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Bush lashes out at critics
IRS threatens probe of NAACP

By Eric Ruder | November 12, 2004 | Page 2

JUST BEFORE Election 2004, the Internal Revenue Service (IRS) threatened to investigate the NAACP, the nation's oldest civil rights organization. Why? Because its director criticized George W. Bush at its July convention.

The IRS claimed that Julian Bond's harsh words for Bush violated the NAACP's tax-exempt status, which forbids the group from participating in a political campaign. Bond condemned Bush's coziness with corporate crime, his record on the environment, the assault on civil liberties and tax breaks for the rich--not exactly ideas that belong exclusively to the Democratic Party.

In fact, the timing of the IRS letter was planned to intimidate the NAACP in the midst of its drive to turn out Black voters on Election Day. Though Bond's speech was made in July, the IRS didn't send its letter until the final weeks of the presidential campaignThe letter demands that the NAACP provide a complete accounting of all its convention-related expenses--and the "names and addresses of each board member and how each voted."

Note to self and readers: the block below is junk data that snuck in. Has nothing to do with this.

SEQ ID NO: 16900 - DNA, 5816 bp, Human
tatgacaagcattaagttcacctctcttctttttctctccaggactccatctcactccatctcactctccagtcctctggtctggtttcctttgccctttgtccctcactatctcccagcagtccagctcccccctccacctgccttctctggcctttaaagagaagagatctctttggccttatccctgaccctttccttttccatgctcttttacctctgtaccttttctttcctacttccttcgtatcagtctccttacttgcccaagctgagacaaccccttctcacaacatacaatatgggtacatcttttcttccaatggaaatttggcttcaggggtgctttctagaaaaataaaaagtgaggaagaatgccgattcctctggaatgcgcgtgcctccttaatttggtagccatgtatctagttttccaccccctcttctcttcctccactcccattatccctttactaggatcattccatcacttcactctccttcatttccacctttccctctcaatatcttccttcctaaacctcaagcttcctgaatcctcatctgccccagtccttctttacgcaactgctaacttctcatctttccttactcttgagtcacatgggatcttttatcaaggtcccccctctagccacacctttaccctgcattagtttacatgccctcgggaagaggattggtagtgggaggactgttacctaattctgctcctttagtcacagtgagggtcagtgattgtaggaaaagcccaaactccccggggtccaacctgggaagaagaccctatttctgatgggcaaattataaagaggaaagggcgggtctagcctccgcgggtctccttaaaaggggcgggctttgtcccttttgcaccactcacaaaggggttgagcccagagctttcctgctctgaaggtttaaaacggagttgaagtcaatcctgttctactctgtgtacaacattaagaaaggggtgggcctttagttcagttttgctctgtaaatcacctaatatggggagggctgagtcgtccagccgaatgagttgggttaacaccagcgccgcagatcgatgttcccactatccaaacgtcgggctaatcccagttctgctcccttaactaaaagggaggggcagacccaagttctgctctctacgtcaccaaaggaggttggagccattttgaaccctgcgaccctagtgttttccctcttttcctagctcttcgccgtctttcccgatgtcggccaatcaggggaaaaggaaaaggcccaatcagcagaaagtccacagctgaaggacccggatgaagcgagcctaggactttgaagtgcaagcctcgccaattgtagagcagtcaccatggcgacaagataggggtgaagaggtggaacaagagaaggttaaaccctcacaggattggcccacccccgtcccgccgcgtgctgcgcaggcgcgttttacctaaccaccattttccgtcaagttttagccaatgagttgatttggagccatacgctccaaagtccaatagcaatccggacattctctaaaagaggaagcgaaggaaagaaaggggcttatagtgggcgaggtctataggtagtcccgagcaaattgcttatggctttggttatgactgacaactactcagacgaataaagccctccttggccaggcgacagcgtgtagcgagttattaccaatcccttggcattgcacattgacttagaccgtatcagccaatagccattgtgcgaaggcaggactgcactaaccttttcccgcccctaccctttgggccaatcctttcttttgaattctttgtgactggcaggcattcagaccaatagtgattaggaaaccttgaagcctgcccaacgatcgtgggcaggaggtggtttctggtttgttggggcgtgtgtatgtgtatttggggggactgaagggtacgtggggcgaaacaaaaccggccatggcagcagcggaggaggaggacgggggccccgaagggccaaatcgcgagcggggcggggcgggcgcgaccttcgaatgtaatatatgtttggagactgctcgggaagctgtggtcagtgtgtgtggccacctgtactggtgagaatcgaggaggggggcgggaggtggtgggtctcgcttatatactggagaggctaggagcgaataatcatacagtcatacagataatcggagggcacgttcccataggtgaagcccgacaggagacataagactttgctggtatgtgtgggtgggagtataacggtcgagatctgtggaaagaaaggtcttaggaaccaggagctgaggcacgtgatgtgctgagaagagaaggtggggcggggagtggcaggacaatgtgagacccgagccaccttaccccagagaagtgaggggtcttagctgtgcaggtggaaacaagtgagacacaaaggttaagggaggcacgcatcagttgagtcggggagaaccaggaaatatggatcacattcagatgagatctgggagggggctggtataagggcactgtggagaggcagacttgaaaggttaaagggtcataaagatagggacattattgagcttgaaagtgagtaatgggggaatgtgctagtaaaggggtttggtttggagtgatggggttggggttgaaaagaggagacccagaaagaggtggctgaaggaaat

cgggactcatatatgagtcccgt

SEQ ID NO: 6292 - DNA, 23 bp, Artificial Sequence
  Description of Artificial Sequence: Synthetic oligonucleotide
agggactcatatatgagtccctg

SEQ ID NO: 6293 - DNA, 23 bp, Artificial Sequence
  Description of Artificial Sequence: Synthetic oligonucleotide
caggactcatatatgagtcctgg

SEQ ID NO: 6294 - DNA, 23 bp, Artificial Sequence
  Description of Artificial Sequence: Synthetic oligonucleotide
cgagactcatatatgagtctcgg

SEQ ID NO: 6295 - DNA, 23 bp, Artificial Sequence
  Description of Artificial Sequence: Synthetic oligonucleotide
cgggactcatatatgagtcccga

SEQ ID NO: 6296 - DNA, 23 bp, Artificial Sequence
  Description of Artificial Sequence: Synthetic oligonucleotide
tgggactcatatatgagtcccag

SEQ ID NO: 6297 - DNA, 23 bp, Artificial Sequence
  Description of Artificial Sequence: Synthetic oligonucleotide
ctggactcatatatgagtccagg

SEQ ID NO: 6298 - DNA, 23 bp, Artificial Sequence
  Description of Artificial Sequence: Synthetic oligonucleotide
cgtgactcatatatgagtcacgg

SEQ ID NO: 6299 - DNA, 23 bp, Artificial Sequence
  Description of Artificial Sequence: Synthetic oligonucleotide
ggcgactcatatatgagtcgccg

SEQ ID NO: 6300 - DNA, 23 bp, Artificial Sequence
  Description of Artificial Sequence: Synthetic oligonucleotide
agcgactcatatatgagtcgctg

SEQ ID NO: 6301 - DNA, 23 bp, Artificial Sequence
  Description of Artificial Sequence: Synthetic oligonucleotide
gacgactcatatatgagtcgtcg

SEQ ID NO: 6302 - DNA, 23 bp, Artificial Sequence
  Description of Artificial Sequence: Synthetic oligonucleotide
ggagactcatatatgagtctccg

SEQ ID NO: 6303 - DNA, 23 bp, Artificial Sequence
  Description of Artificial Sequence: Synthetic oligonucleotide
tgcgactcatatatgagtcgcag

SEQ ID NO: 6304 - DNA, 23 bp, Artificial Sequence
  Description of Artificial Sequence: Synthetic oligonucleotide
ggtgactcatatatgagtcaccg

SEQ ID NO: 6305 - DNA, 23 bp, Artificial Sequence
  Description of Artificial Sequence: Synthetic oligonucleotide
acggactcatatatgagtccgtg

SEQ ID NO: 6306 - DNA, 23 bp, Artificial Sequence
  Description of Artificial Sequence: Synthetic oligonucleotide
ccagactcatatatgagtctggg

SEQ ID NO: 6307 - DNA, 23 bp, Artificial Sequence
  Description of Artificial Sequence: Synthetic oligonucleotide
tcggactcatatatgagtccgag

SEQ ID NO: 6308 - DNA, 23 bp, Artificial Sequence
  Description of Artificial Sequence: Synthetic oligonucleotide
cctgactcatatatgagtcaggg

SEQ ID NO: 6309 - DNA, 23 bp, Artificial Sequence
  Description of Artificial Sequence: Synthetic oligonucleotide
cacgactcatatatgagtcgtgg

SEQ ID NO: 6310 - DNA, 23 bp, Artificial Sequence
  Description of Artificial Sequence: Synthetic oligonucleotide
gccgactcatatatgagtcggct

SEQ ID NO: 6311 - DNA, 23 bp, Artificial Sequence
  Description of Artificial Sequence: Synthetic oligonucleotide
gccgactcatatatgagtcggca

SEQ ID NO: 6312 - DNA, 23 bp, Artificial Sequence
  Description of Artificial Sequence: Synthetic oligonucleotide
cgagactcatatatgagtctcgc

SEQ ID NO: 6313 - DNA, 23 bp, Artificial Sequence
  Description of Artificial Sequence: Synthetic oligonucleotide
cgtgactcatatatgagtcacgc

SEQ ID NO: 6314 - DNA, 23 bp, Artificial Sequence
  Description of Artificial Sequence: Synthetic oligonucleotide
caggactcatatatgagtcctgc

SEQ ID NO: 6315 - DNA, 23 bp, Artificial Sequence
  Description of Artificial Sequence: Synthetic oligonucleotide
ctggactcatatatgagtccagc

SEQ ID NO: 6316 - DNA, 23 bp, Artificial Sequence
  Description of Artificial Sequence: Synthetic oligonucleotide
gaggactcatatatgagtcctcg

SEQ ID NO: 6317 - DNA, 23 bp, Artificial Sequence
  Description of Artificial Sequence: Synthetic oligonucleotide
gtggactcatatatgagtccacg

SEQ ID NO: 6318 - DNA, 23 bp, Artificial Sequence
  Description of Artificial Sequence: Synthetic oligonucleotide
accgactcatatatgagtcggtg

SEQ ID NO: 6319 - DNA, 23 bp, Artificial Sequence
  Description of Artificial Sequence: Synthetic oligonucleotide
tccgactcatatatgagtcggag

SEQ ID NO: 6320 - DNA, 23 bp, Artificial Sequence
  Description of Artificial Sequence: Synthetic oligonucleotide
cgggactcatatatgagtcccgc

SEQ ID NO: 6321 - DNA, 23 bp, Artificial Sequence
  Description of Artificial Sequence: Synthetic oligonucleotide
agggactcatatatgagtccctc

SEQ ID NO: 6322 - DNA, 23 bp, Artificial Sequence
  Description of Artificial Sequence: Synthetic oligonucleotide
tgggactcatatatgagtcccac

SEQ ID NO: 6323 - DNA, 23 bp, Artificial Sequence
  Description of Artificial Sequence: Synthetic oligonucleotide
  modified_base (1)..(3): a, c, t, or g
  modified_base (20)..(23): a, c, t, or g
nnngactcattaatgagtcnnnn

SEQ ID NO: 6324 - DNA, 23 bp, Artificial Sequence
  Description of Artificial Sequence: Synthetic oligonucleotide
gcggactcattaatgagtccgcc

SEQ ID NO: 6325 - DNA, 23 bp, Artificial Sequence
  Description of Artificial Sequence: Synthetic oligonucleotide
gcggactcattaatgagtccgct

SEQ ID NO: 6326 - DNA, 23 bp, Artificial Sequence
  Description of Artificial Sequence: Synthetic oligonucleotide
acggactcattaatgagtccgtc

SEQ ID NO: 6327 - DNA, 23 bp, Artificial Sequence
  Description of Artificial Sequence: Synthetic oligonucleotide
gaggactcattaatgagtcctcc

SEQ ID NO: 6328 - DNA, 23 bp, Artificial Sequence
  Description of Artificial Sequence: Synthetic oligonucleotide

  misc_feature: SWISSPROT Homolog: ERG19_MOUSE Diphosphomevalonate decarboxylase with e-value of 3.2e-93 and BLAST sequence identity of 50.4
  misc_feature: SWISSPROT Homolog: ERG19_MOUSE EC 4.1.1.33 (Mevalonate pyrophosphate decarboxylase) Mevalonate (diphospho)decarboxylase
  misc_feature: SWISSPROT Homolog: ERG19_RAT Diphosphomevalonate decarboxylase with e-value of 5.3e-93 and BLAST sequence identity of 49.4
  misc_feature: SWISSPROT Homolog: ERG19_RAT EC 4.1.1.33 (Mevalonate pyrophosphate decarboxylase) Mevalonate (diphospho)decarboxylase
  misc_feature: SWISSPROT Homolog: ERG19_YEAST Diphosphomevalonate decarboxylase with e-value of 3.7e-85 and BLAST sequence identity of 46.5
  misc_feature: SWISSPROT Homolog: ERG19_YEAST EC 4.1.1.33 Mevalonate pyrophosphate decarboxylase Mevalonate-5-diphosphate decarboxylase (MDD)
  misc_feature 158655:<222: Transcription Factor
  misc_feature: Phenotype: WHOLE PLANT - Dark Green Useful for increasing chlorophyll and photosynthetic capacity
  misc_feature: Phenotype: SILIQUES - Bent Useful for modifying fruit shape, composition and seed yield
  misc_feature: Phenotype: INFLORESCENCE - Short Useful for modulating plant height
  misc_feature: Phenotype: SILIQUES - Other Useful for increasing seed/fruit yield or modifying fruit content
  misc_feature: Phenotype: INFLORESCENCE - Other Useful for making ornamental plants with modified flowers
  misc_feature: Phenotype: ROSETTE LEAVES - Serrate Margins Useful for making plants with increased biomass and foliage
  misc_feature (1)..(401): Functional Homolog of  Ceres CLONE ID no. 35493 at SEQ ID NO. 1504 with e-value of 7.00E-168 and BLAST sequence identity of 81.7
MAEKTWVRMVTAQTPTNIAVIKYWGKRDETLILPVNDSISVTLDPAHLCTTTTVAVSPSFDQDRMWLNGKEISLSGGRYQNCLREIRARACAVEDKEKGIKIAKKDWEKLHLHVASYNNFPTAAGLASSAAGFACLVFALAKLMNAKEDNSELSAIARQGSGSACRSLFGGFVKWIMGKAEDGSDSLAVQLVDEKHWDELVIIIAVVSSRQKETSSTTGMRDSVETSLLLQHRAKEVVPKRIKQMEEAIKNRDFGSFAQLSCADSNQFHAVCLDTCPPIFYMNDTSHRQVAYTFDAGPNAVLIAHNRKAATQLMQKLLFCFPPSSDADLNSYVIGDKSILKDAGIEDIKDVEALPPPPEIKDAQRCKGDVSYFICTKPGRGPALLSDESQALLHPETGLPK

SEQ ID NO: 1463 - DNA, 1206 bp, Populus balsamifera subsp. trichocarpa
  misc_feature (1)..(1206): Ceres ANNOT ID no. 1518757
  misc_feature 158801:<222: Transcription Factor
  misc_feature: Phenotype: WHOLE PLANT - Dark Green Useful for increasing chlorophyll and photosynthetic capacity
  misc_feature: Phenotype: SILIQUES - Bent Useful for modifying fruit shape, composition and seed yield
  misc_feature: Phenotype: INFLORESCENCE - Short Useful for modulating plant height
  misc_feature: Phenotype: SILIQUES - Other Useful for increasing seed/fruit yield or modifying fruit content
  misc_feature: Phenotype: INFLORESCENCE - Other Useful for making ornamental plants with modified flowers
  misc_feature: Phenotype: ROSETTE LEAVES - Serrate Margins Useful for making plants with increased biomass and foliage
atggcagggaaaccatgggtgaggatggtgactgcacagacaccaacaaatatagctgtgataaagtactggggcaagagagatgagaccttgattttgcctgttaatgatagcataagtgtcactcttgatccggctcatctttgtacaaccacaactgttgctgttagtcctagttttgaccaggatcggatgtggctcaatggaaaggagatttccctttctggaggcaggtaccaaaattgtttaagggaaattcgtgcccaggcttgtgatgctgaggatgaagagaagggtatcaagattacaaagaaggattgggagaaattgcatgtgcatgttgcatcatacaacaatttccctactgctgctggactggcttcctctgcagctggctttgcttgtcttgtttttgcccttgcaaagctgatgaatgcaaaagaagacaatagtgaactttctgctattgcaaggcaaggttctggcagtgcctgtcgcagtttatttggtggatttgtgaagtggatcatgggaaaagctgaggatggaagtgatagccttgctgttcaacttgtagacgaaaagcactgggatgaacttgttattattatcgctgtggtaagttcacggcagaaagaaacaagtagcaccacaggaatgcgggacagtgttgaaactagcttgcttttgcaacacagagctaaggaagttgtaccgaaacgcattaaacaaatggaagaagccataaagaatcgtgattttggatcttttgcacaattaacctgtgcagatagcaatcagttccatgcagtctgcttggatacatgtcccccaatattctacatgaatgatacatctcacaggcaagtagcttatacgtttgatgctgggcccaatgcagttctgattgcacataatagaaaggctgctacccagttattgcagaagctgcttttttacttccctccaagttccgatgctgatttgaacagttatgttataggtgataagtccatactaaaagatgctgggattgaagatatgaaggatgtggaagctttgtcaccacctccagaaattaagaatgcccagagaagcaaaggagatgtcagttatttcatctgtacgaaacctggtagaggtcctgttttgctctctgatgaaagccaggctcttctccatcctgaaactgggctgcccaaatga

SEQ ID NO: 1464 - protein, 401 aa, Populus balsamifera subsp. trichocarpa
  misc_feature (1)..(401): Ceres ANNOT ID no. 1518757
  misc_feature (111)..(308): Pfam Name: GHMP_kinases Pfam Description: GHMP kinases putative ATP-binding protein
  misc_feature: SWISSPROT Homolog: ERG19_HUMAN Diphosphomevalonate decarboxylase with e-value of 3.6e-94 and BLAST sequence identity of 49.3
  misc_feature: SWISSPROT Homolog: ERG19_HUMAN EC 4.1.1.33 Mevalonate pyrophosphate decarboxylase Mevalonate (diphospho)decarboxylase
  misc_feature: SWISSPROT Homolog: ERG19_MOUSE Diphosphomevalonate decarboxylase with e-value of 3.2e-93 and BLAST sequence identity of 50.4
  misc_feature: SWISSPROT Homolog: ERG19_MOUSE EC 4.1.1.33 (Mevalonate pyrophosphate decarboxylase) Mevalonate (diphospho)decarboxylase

Of course, Bush's IRS didn't send a letter threatening the tax-exempt status of the Roman Catholic Church--though the church came out against John Kerry. "The NAACP has always been non-partisan," Bond said. "That doesn't mean we're non-critical, nor does any law or regulation require that we must be."

While Bush turned down an invitation to address the NAACP convention, he did speak at the convention of the Urban League, which is also subject to the guidelines for tax-exempt groups, but has been more accommodating to the White House. Such appearances are permitted, as long as the "the candidate speaks only in a non-candidate capacity," according to the IRS. But during his appearance, Bush declared, "I'm here to ask for your vote."

Funny that the Urban League hasn't received a letter from the IRS.

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